The second stage is the making of a video of the same duration, which the students produce individually. As for their final task, the
students work in teams of five or six partners in the creation of a community group project. Tasks are democratically assigned to team
members, diving up the work evenly.
“It’s amazing… you become very proud of how easily they learn and grow, and through the anticipation of seeing their creations screened for the public (…) we get to see how the program stimulates their development in different ways”, replied Dwight Wilkins-a
representative of the Big Picture Alliance and editing teacher for the program.
The culmination of all their hard labor ends this August sixth with the exhibition of the students’ films at Nueva Esperanza Academy.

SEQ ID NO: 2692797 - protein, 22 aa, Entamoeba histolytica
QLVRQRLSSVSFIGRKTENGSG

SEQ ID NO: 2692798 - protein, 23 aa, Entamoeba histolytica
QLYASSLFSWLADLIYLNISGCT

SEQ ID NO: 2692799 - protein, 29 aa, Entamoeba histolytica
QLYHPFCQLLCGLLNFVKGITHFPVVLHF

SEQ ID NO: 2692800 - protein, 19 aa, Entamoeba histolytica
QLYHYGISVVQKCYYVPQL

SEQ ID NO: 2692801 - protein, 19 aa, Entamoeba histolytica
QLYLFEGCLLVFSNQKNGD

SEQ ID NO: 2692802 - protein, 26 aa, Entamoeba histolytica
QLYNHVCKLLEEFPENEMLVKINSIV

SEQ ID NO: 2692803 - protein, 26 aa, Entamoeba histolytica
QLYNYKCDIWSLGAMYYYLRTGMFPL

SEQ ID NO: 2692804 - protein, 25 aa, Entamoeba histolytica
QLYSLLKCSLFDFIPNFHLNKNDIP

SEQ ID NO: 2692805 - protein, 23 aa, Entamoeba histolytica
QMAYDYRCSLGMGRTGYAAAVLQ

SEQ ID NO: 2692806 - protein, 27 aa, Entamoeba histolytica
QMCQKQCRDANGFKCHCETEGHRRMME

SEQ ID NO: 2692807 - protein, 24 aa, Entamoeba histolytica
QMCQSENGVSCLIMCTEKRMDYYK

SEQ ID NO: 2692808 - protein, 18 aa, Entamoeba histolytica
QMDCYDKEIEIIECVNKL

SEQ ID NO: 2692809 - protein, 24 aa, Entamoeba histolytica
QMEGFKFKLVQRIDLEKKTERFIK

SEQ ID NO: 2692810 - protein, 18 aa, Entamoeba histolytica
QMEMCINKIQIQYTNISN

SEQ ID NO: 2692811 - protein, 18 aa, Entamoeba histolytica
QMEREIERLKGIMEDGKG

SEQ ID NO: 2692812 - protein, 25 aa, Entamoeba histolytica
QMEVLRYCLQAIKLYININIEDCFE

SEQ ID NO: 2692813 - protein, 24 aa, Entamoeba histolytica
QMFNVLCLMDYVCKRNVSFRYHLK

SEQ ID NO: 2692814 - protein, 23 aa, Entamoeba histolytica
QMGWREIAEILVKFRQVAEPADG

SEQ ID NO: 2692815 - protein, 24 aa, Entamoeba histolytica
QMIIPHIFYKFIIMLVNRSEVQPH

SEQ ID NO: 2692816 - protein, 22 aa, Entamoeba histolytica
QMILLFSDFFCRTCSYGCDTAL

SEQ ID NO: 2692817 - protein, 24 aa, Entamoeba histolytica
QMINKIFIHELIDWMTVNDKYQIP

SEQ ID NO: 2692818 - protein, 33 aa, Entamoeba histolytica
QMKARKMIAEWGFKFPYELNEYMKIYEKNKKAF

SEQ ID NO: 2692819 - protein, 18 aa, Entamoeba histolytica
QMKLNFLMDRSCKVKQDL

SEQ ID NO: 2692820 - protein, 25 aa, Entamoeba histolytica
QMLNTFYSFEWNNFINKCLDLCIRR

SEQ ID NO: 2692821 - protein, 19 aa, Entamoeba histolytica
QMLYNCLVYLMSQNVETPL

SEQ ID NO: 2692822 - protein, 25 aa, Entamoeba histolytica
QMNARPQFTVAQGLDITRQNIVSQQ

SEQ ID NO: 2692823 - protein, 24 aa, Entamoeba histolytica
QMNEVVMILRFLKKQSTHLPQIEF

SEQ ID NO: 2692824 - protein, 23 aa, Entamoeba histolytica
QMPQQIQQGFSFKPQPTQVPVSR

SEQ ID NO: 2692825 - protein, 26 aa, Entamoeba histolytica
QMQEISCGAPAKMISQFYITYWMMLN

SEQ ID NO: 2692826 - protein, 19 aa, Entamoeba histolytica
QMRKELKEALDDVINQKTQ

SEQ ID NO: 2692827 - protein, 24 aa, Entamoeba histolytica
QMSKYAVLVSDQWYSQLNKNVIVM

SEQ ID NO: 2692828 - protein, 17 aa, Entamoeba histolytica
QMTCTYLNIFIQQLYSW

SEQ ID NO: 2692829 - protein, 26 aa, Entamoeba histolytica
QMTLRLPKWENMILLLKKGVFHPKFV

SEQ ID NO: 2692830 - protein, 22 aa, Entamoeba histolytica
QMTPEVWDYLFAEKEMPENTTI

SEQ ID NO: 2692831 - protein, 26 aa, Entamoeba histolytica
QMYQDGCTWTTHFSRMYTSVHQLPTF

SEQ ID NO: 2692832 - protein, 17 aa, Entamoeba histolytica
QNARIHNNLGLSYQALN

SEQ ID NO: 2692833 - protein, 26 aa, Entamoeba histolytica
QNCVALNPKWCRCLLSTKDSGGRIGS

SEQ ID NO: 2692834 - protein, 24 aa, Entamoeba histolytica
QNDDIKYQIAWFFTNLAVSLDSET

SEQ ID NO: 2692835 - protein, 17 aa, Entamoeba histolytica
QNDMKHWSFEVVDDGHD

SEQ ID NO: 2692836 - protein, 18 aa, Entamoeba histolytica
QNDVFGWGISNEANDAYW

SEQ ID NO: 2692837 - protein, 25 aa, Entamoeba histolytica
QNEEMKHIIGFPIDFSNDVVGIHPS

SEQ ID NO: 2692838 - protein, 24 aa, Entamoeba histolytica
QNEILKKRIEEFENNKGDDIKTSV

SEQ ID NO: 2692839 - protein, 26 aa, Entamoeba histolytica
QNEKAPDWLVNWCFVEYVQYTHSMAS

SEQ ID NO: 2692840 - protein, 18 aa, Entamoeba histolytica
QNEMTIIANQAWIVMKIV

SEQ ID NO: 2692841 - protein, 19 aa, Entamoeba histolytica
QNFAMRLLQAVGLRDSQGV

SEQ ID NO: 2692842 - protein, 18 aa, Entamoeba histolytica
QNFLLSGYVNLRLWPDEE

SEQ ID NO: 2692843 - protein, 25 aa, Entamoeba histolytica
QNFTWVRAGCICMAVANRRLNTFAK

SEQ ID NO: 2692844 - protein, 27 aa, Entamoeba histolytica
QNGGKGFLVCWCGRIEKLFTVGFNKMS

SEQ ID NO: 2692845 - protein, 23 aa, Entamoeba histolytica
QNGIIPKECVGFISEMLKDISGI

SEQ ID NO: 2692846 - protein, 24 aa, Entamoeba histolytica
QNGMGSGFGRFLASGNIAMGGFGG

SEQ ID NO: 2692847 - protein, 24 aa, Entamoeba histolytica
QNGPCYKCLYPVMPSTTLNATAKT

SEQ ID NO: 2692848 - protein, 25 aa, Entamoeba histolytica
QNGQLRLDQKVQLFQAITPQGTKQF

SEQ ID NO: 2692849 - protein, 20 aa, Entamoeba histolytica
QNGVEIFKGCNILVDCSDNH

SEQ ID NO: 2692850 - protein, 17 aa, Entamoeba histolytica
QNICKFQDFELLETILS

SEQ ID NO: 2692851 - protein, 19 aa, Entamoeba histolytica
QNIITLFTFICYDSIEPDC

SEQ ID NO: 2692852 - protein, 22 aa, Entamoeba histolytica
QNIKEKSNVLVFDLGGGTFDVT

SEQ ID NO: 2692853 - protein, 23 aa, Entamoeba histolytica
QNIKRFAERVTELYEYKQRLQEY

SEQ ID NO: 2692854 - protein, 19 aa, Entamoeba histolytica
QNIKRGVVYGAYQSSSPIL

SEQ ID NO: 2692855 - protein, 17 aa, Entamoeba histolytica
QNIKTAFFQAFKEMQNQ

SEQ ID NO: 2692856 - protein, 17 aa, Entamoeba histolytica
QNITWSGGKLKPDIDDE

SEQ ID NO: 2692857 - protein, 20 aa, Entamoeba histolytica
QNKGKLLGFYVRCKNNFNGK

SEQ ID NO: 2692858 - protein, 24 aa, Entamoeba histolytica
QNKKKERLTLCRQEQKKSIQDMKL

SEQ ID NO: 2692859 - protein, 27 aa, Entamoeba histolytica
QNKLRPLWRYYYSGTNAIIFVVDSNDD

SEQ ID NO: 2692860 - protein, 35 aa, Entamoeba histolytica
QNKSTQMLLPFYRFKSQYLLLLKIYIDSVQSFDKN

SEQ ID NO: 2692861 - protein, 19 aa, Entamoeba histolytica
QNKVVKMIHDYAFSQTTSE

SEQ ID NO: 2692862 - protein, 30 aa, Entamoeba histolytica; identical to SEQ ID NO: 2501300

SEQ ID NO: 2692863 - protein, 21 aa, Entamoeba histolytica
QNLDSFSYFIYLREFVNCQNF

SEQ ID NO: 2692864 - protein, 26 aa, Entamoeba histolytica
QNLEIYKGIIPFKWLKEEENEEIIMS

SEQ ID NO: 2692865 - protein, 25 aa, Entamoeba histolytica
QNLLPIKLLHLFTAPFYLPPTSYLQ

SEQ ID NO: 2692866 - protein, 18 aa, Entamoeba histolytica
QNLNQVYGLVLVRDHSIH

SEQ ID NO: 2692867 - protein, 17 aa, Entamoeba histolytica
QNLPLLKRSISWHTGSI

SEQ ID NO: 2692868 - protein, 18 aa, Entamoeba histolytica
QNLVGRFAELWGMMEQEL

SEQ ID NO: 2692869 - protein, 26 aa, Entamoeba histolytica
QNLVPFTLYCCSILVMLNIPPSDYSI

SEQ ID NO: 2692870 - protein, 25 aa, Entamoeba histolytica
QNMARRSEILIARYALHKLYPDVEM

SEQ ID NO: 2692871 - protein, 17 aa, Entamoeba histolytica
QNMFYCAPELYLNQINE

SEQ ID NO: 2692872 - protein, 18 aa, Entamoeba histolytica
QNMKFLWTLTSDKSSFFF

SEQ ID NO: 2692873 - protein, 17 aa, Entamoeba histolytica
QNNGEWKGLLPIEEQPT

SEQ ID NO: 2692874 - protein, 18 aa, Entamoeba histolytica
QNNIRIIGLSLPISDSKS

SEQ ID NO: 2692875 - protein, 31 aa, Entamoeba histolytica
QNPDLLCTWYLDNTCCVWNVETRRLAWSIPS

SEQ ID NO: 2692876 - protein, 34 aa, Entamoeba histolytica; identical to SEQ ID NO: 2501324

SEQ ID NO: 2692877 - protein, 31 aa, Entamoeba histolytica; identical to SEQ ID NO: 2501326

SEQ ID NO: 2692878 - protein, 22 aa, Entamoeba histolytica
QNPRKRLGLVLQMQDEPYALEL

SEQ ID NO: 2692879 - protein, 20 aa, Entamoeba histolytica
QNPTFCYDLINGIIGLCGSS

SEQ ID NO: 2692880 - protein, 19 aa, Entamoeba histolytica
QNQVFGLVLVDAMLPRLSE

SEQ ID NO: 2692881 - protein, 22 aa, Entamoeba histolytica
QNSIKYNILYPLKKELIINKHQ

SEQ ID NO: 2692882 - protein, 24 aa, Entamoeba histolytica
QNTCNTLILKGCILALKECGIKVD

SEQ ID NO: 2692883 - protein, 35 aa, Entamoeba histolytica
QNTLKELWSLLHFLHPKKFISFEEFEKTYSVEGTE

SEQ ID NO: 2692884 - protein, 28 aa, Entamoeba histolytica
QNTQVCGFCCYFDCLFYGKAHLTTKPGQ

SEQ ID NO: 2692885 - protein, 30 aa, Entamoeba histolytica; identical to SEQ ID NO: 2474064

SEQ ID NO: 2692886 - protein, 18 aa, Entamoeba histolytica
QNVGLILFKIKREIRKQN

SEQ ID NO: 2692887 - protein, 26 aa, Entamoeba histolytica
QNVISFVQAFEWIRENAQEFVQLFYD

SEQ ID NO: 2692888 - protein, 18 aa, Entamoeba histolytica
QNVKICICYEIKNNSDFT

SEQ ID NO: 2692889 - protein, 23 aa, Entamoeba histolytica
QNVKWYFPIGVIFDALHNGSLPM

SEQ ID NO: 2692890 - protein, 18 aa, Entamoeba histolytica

With movie titles such as “Mundo Mágico [magic world]” and ”Restaurando Justicia [restoring justice]“, the students convey their
concerns and feelings about the issues they feel are important.
The most important part of the program is that it teaches the students to work together, to interact with each other effectively, and about the importance of responsibility.
According to Sandoval, that the only thing that is asked of the students each day is their enthusiasm and commitment to work in the
program. “One of the most rewarding aspects of working with teenagers is how easily one is influenced by their energy, imagination, and optimism.”